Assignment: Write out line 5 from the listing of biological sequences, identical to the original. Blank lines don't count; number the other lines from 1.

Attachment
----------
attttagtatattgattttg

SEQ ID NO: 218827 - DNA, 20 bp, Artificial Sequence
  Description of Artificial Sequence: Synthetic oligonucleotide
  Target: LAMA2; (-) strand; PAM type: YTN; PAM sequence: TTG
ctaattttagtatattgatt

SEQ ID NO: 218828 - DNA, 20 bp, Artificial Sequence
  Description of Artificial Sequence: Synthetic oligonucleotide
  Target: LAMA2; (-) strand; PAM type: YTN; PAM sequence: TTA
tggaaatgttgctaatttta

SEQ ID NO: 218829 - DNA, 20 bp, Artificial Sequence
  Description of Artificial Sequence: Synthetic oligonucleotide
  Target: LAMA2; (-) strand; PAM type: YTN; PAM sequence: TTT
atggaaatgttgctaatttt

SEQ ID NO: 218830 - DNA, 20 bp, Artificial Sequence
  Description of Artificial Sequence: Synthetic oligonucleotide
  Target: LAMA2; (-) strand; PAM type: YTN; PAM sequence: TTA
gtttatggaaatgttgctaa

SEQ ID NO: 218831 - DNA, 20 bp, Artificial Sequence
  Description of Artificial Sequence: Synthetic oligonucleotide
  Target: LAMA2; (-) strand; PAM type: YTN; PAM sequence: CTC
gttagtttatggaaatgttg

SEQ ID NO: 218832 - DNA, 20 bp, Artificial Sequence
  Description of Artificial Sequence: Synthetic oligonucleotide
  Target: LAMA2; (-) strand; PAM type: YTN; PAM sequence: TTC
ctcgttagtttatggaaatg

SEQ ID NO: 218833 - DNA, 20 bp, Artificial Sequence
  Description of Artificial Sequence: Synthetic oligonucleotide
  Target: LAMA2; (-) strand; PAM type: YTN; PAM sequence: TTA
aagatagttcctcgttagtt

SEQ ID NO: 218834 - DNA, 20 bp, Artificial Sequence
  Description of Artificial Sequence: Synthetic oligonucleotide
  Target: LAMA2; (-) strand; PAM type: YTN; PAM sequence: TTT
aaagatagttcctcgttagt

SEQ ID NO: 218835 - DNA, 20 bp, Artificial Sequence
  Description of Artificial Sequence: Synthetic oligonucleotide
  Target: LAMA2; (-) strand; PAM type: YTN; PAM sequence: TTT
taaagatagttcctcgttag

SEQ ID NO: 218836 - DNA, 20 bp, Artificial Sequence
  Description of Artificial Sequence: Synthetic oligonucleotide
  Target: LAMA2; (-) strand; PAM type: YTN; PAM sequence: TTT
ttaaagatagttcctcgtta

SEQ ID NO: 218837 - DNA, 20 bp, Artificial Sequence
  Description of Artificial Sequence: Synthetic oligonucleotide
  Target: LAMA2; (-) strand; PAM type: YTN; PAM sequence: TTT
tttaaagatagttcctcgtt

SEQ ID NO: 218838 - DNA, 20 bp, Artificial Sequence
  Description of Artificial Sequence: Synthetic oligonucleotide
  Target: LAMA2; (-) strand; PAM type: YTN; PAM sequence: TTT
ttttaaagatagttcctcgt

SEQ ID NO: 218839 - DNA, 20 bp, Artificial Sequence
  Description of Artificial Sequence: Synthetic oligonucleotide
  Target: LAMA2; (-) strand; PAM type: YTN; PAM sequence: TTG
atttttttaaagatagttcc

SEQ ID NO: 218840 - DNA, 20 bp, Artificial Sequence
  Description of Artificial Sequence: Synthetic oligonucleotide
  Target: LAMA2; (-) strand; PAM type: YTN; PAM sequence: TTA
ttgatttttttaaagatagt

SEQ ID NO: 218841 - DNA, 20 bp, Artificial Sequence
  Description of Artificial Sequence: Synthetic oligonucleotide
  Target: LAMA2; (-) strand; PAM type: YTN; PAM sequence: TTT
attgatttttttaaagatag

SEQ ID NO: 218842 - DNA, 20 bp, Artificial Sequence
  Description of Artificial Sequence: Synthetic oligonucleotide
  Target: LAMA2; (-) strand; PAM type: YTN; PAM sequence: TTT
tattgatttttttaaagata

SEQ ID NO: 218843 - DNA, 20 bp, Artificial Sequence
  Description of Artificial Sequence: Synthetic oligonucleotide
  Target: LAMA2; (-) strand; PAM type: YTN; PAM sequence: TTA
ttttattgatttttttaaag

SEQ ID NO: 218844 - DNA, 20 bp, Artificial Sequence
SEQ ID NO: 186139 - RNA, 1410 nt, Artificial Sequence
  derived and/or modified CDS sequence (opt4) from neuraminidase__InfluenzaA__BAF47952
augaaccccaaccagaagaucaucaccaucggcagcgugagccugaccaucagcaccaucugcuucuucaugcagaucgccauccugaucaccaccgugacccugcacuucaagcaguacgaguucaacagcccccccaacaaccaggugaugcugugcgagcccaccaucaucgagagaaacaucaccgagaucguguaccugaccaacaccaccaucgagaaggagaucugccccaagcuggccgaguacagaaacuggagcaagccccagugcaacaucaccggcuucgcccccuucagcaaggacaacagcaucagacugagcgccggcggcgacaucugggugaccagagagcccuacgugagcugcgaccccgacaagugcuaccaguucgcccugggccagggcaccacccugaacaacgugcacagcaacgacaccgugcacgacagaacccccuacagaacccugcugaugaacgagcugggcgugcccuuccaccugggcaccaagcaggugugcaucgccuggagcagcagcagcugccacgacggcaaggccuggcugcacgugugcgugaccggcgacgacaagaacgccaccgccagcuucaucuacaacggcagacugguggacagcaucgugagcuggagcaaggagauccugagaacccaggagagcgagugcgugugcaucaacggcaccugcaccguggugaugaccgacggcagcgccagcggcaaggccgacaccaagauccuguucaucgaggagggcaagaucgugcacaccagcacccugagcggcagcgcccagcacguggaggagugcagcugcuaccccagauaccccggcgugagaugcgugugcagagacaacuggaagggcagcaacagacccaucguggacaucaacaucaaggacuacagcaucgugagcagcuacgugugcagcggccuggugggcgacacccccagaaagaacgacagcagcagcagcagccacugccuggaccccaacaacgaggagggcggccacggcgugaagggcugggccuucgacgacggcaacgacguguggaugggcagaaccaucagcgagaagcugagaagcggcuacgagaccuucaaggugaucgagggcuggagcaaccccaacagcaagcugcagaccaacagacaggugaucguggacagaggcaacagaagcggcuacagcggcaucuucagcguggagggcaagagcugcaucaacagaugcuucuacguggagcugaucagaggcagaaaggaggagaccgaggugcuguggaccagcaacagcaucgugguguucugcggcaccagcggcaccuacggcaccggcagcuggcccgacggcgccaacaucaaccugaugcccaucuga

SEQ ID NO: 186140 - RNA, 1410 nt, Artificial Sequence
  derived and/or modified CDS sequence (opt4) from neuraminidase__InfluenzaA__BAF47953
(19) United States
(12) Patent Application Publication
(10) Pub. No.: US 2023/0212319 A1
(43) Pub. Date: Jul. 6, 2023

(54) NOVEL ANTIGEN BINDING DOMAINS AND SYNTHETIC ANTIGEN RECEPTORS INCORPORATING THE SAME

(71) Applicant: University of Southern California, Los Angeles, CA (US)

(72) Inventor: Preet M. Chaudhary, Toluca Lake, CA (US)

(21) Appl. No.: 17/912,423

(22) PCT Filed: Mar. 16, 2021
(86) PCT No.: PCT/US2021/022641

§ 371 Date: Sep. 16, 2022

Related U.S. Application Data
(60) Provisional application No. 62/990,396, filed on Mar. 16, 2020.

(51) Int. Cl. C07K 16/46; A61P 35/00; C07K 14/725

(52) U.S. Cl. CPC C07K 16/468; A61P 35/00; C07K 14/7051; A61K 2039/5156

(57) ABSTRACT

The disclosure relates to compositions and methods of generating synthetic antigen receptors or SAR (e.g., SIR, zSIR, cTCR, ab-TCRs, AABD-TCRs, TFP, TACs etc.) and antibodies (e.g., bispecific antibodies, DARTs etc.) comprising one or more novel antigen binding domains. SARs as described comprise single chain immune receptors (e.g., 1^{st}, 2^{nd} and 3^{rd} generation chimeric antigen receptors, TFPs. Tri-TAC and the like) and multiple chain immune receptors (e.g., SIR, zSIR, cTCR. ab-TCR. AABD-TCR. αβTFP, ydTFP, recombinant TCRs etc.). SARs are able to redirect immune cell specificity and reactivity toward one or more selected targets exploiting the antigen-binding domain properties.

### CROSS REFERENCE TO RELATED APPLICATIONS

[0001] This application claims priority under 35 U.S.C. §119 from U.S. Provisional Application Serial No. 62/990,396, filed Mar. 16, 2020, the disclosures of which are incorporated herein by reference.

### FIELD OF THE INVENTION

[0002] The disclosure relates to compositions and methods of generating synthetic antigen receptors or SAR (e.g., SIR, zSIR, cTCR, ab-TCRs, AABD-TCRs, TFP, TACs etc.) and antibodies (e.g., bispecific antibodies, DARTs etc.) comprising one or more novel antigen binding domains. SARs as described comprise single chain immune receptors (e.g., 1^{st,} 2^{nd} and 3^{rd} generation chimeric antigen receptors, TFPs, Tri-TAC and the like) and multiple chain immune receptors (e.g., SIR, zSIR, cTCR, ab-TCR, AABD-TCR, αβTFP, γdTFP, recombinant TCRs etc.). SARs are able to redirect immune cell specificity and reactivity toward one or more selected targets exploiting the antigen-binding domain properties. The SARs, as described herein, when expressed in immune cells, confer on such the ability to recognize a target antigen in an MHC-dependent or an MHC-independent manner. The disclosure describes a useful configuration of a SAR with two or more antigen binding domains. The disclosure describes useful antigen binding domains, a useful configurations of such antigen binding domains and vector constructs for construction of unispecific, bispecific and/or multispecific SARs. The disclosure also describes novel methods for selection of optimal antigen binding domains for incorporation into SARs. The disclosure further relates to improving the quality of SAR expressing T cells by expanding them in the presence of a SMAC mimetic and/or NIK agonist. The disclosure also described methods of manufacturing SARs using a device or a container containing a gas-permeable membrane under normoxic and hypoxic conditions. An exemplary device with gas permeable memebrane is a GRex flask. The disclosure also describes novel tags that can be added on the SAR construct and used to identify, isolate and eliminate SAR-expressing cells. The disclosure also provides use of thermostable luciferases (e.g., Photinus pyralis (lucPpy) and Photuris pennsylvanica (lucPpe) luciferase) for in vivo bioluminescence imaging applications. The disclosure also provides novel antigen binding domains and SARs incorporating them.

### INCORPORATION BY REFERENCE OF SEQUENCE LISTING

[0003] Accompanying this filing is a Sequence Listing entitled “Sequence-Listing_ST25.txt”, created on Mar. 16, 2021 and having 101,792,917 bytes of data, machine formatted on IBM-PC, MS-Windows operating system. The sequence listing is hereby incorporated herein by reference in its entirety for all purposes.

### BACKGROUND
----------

ctaattttagtatattgatt